Since there are only a handful of roads in Belize, renting a car and exploring the terrain is easy. The most spectacular journey is a trip down the Hummingbird Highway, from Belmopan to the coast to the Caribbean Sea. Drive past mountains and lush rainforest, through tiny indigenous Mayan villages, over rivers and amongst large expanses of orange groves.
As the altitude drops and you see the banana plantations, you know you are nearing the coast. Journey on south to Placencia and enjoy the drive down the coastal road to the colorful fishing community at the tip of the peninsular.
6. Boil it up!
Whilst also aptly used to describe the melting pot of the nation’s rich diversity, ‘Boil Up’ is now a national dish, but originated from the Garifuna people from the southern regions and is considered the cultural dish of the Creoles of Belize.
As you might guess from its name, it’s a combination of whatever can be thrown into the pot, which is typically boiled eggs, fish and pig tail, with a number of ground starches such as cassava, green plantains, yams, sweet potatoes, ripe plantains and tomato sauce. You might think it sounds dubious, but it’s divine!
7. Try a Michelada
A Michelada is the customary Sunday drink of many San Pedranos (the residents of San Pedro, Ambergris Caye), as a ‘livener’ after Saturday evening’s festivities. A beer combined with ice, lime, salt, hot sauce and spices, it certainly wakes up all the senses! Cholo’s Bar on the white sands of San Pedro is where the fishermen and tour guides hang out, so head there to hang with the locals.
8. Catch your lunch
Spend a the morning out on the water snorkeling, fishing and spear fishing with your guide for snapper, lobster (in season), conch and perhaps a hogfish. Return to the beach and get the fire pit started using coconut husks. Clean and prepare your catch with your guide, then enjoy the fruits of your labor under a coconut tree with an icy cold Belikin beer. It doesn’t come fresher than that!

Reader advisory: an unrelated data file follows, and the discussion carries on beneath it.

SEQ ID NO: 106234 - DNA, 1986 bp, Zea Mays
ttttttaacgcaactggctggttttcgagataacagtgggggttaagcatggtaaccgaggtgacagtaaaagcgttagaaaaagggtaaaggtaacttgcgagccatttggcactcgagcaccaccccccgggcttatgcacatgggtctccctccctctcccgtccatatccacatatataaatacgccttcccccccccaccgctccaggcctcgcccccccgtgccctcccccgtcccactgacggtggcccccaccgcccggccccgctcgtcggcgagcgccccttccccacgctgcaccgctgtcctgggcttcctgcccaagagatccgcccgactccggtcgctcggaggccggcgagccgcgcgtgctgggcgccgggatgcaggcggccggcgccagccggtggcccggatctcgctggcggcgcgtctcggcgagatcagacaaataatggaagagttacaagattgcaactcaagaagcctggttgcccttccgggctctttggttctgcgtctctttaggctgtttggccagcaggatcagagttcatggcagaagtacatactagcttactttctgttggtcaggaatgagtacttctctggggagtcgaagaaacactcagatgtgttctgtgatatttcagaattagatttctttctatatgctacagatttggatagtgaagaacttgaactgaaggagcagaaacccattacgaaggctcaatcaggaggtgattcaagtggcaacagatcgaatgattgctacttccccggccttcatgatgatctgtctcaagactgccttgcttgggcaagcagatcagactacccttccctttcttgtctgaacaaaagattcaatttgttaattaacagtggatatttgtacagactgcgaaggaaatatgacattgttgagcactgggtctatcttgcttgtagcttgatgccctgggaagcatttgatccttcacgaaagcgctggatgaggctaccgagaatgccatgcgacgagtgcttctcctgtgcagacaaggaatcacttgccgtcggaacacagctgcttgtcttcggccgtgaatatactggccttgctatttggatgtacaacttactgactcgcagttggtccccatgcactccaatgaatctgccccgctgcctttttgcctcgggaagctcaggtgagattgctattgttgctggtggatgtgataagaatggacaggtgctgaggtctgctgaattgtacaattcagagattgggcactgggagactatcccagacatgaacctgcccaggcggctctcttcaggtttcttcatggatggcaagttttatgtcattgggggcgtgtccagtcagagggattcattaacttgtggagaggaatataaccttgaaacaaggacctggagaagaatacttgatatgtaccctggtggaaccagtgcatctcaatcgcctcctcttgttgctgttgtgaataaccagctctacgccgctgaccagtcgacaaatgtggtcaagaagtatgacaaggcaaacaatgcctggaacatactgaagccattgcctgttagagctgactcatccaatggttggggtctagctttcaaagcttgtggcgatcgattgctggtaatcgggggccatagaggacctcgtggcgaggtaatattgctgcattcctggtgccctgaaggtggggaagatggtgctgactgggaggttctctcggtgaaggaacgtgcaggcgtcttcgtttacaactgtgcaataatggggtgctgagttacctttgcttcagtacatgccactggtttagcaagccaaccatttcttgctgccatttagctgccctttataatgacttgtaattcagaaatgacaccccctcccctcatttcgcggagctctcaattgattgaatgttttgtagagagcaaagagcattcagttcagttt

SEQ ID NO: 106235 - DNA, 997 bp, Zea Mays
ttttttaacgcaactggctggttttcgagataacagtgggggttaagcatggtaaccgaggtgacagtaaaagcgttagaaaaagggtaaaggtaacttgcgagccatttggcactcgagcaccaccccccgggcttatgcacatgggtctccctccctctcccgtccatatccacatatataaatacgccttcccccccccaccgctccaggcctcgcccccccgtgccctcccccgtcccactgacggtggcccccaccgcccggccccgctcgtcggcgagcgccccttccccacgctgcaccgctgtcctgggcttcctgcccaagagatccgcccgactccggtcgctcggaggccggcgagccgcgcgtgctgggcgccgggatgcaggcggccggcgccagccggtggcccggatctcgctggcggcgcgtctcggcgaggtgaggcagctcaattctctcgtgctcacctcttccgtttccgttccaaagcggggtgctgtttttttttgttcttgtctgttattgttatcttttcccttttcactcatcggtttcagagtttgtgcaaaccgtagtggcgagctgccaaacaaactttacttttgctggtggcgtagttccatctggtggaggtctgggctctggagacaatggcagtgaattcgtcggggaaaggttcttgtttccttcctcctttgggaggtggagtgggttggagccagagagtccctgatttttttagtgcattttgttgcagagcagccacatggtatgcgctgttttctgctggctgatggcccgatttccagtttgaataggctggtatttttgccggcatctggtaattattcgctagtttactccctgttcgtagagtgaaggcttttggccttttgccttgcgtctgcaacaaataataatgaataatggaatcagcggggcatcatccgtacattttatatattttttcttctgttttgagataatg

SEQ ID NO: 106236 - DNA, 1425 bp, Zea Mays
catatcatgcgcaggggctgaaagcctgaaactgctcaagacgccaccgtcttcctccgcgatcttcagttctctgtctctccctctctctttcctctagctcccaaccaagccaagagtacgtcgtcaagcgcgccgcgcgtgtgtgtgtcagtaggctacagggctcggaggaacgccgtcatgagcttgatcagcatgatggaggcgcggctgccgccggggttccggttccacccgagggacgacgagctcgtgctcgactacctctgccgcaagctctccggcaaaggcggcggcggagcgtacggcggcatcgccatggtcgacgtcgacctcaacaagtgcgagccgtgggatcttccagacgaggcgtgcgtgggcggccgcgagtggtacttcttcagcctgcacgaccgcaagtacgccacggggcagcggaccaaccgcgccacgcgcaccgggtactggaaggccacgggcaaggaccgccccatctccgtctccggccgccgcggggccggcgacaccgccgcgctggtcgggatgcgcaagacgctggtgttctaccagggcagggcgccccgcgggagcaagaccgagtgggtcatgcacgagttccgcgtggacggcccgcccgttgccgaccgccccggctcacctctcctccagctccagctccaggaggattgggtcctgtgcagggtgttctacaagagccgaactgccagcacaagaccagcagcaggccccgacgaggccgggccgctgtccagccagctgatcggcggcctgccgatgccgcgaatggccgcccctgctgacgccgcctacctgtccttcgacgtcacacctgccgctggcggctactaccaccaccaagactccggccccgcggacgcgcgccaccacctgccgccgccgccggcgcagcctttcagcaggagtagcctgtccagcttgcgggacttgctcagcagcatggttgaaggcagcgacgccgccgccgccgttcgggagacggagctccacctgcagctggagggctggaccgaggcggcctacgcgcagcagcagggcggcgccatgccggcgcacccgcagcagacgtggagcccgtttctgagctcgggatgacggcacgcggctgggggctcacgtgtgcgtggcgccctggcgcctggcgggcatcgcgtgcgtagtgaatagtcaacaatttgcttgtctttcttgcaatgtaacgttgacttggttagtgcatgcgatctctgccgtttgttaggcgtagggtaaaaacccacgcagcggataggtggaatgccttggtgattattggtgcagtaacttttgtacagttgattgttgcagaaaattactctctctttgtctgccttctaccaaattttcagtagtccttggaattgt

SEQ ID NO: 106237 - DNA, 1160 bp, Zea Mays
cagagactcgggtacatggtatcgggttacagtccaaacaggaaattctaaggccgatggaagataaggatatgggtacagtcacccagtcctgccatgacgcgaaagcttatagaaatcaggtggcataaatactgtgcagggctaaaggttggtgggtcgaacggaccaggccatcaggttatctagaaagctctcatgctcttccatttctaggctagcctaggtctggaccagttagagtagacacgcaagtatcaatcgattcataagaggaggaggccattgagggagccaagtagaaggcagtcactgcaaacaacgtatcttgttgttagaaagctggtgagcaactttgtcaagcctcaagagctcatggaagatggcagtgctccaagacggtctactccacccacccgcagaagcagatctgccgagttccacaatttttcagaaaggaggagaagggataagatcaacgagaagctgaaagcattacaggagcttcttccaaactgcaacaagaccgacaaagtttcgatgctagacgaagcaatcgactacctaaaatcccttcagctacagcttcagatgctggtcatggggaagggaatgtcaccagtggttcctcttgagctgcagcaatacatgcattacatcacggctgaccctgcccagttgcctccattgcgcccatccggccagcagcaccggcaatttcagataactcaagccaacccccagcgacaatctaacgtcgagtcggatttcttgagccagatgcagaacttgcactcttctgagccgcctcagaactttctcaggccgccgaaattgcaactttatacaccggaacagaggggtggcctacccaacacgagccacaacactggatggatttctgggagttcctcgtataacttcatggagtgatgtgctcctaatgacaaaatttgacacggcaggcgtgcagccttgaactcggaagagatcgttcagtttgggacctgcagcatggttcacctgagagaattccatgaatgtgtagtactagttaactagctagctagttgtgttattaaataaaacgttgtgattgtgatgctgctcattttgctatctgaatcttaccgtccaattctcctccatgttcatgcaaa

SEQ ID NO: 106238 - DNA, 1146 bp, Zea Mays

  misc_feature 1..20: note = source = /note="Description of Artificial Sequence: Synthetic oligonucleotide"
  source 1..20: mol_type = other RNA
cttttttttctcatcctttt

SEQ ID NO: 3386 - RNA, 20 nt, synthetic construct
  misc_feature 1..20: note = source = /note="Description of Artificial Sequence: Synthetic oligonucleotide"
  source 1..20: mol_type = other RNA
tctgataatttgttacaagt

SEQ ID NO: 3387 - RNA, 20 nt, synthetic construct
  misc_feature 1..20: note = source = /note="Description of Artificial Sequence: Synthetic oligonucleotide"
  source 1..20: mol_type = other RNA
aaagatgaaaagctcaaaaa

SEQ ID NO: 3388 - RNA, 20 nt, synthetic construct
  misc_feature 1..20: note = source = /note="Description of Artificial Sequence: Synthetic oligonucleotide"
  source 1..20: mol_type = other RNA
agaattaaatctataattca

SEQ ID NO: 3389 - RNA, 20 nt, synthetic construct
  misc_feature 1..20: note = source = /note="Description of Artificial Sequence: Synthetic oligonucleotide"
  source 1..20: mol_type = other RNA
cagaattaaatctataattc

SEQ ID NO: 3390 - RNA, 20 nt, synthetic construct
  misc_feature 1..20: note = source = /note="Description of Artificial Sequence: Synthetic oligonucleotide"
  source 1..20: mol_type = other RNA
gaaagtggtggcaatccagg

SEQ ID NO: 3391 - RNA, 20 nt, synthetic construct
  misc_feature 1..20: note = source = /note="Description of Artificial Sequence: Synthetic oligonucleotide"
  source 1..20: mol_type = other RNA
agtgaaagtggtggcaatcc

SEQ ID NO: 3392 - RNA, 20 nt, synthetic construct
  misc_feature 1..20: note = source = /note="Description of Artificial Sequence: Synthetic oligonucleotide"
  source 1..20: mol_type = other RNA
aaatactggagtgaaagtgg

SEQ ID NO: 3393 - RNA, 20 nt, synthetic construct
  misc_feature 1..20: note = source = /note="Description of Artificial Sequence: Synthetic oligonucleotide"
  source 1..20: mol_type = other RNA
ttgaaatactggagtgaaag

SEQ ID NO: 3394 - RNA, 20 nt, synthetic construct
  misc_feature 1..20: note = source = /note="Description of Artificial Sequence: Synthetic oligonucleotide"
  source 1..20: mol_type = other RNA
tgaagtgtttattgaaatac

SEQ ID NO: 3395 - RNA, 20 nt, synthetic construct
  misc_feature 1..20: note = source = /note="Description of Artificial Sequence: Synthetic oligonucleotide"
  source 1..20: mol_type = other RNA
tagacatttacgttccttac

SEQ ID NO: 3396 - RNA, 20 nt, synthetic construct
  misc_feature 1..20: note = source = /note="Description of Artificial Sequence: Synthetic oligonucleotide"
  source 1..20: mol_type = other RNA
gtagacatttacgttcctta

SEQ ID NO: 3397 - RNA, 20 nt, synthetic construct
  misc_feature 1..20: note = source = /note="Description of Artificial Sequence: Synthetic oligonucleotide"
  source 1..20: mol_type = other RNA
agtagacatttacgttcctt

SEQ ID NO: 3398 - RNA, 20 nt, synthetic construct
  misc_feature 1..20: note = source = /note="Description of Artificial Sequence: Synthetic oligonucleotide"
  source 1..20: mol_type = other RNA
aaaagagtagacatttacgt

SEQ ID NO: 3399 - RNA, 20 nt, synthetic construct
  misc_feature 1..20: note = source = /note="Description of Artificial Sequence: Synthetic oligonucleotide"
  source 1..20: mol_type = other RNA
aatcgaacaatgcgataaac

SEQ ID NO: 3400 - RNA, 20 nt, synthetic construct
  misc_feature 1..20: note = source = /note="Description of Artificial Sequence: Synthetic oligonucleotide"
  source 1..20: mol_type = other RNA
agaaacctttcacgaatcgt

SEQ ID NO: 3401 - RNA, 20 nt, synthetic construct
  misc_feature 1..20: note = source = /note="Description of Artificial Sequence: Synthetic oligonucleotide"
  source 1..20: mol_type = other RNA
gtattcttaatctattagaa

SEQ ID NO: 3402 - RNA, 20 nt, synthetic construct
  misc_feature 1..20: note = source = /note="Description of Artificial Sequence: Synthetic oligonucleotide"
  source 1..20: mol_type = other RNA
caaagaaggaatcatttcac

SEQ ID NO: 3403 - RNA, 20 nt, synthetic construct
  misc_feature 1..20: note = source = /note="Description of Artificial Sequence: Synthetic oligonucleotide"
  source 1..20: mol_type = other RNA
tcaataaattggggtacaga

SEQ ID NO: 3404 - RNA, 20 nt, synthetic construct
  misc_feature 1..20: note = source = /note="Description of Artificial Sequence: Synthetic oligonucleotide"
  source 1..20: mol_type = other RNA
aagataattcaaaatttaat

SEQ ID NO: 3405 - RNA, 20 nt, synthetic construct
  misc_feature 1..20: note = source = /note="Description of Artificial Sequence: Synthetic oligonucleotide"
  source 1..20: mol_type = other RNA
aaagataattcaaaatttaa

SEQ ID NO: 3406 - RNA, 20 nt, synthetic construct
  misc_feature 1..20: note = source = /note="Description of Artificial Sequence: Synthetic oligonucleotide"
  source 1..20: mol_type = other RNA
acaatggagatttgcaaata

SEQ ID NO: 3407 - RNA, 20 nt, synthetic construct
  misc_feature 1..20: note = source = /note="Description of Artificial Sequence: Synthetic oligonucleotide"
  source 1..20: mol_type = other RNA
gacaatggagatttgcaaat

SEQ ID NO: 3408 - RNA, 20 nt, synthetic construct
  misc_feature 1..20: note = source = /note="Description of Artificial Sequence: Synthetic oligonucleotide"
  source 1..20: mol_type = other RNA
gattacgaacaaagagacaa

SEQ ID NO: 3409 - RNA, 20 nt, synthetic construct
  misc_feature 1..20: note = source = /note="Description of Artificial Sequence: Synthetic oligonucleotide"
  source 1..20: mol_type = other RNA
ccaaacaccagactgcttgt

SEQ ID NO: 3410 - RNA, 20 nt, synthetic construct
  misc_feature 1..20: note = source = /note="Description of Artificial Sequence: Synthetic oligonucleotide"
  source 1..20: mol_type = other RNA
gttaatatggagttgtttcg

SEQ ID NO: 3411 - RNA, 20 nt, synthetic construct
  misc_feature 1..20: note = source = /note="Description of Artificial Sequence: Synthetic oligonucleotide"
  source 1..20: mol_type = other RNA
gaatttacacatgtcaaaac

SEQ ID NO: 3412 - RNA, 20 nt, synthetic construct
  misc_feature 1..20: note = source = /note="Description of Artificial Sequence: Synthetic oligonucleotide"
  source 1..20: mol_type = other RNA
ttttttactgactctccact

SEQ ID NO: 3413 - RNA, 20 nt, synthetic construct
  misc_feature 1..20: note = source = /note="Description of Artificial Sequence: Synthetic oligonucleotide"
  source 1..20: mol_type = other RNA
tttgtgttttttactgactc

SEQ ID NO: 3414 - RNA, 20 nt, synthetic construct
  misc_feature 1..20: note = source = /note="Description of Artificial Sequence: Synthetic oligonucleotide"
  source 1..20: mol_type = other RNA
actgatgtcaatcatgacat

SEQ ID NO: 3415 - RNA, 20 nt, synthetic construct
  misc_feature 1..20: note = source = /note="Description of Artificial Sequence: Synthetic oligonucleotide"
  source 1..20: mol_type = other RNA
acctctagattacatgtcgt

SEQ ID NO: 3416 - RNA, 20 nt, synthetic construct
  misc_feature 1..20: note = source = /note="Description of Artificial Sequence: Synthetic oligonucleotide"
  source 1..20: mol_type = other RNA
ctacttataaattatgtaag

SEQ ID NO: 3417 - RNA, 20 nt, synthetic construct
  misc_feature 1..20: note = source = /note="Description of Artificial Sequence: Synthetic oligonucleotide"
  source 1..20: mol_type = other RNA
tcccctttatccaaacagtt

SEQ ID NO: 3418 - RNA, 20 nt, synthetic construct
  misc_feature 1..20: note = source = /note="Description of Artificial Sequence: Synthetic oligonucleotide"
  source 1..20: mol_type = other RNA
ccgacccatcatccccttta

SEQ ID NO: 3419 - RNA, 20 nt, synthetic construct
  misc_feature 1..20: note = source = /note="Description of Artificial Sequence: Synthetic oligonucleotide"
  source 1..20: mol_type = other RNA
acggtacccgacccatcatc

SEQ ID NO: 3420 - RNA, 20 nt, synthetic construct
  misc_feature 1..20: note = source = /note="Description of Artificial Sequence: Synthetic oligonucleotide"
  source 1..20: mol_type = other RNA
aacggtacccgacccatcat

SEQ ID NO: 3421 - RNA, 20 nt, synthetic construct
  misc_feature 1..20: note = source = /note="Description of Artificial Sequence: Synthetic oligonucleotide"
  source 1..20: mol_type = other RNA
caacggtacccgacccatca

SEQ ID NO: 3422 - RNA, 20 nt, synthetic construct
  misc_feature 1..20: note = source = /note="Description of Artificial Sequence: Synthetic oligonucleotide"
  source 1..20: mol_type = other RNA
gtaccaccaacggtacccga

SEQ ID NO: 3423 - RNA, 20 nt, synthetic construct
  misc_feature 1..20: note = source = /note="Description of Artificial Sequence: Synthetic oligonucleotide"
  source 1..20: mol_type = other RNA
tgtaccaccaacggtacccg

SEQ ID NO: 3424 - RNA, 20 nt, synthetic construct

9. Visit the Mennonites
Imagine large families where everyone works hard, contributes to the common good and there are no surly teenagers… Every meal is made from scratch, the milk, cream and butter are fresh and all the vegetables are grown by you or your neighbors. The family cart (buggy) is drawn by the horses that also pull the plough and any other heavy loads around the farm, such as the trees used to make the lumber for your house.
This way of life continues in the Mennonite community of Barton Creek Village, which is a wonderful day trip and can also be combined with a tour of the Barton Creek Caves, via canoe.
Read more about the Mennonites on the Seriously Old School Blog.
10. Sail to Guatemala
Journey via luxury sailboat from Belize into Guatemala, a spectacular journey. Sail between 300ft towering limestone cliffs clad with dense rainforest as you journey up river. En route, call in at the hot sulphur springs where you can clamber up the rocky embankment to soak in the steaming hot springs. The climb is worth the reward!
Once at Fronteras in Guatemala, you can explore the north shore of Lake Izabal to Finca El Paraiso, a fabulous working farm. From there travel via horseback or tractor through farmland to the lush tropical setting of Agua Caliente, a 25-ft waterfall and deep pools of hot spring water.